Aussie Rules!

Stamp Fair in Belfast on Saturday. Much more successful than the previous week in Dublin.

All the Dealers were part-time. And I was able to pick up maybe 300 stamps at an average of just 5p each.

As you can see 27 of the stamps are Australia.

I like Australia. Australia is the “Ireland of the Southern Hemisphere”. They seem to have the secret of life. And…sunshine. Whether it is Australian cricketers in their baggy green caps, the Melbourne Cup, the wildlife, or the “Ocker” culture of throwing another shrimp or Pom on the Barbie while drinking the amber nectar of Fosters, there is a lot to like about Australia and Australians.

To some extent, there are two Australias. The forward-looking future Republic of (say) Paul Keating which is at ease with its geographical location and the nostalgic backward-looking monarchy of (say) Robert Menzies and its delusional link to a mother country.

Advance Australia Fair as their anthem says.

And its a more inclusive Australia that embraces the English settlors including the exiled convicts from England, Scotland and Ireland, the Aboriginal peoples and later migrants from Greece and Italy and more recently migrants from Asia.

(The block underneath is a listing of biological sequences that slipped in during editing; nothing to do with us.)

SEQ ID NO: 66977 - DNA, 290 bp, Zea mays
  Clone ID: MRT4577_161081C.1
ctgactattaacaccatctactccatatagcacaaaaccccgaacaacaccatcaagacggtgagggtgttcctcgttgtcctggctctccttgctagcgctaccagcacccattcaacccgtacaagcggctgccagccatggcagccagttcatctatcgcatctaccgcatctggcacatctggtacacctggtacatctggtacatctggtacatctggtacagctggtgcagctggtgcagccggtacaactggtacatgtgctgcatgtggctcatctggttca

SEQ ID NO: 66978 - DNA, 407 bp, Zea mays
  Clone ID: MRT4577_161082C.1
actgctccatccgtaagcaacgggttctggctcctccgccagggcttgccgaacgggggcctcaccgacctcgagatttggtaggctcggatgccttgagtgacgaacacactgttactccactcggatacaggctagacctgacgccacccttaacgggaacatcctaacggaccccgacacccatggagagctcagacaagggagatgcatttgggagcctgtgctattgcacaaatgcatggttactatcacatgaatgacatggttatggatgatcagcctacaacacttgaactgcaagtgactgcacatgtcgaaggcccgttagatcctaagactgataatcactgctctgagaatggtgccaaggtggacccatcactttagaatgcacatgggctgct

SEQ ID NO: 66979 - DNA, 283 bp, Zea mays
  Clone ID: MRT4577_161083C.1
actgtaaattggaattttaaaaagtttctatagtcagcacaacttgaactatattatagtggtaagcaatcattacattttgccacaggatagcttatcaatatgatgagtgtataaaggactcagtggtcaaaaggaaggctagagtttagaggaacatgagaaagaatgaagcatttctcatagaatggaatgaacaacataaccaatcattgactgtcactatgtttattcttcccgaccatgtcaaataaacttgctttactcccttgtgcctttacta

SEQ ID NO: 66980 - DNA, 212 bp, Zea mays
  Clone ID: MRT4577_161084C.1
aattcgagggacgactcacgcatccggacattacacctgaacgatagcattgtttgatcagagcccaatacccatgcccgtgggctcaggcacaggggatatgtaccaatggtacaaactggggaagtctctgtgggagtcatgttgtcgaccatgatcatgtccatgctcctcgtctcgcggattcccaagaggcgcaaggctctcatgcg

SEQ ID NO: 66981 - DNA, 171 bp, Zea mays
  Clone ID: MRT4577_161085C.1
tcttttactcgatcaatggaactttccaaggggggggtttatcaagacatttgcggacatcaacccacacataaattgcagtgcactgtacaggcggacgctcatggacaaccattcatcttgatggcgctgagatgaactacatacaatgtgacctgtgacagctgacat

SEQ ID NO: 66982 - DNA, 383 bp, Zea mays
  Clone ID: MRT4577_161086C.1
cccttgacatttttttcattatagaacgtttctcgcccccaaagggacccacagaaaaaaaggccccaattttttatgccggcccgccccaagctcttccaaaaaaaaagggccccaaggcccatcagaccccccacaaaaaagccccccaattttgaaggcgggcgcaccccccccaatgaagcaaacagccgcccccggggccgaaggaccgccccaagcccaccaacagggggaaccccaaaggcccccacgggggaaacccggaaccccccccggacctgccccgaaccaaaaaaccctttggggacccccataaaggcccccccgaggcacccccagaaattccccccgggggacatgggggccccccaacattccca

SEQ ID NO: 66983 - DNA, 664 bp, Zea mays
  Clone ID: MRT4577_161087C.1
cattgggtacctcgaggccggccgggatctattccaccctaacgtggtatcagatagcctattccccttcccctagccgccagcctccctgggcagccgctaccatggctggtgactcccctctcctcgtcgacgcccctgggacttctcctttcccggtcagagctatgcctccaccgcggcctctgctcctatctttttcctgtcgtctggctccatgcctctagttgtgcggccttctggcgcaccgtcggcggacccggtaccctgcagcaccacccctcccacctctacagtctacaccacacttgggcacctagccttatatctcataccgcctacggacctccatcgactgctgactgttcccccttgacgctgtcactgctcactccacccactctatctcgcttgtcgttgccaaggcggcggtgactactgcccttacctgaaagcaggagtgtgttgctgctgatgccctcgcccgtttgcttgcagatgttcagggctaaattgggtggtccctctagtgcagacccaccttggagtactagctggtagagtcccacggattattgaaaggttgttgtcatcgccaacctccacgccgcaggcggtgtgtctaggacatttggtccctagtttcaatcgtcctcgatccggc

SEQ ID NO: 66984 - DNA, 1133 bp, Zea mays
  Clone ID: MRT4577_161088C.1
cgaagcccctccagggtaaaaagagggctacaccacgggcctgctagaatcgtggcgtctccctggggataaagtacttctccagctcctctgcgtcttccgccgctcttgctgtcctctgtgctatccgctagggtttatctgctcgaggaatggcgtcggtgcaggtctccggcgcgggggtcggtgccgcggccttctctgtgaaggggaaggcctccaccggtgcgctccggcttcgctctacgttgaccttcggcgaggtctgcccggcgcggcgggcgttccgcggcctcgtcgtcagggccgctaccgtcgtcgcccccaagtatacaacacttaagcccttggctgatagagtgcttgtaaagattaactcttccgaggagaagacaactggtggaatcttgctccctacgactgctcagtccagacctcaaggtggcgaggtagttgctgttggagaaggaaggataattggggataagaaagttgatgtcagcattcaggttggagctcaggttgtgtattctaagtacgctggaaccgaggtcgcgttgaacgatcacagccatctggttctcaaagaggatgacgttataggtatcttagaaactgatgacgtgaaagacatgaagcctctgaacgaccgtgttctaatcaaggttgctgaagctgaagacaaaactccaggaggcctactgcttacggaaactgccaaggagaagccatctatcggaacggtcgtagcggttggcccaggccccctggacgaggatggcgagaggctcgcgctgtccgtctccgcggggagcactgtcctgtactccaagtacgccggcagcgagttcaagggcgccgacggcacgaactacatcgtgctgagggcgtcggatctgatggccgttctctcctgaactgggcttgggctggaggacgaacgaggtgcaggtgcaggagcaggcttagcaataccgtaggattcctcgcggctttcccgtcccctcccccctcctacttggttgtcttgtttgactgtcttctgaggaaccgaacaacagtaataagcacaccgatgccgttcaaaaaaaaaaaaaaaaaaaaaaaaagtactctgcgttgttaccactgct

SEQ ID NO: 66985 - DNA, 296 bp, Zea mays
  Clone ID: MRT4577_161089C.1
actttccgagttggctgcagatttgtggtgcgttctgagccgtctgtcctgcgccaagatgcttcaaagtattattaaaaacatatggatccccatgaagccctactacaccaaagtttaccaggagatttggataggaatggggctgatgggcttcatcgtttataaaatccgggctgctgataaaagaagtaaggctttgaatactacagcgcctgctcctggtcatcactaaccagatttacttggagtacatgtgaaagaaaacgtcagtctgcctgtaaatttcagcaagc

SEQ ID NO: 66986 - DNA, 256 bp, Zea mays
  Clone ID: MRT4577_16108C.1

It is called the Lucky Country.

And I like Australian stamps. As I always say, a Stamp Album is a Greatest Hits album and Australia proudly shows its history, wildlife, sport and all the rest on its stamps. So I was happy on Saturday when I picked up these stamps. Many show “Australian Legends” and while many legends will only be known to people in Australia, many such as Olivia Newton-John, Kylie Minogue, Russell Crowe, Germaine Greer (feminist author) and the Seekers (one of my favourite pop groups from the 1960s) are known internationally.

There should always be a “feel good” factor about stamps. And these and other “Legends” stamps can make Australians feel proud.




About John

Dia Duit! Hello. My name is John. I am retired. I live in Ireland. I am on a five year mission to visit every city, town, village and place of historic and scenic interest in Ireland.
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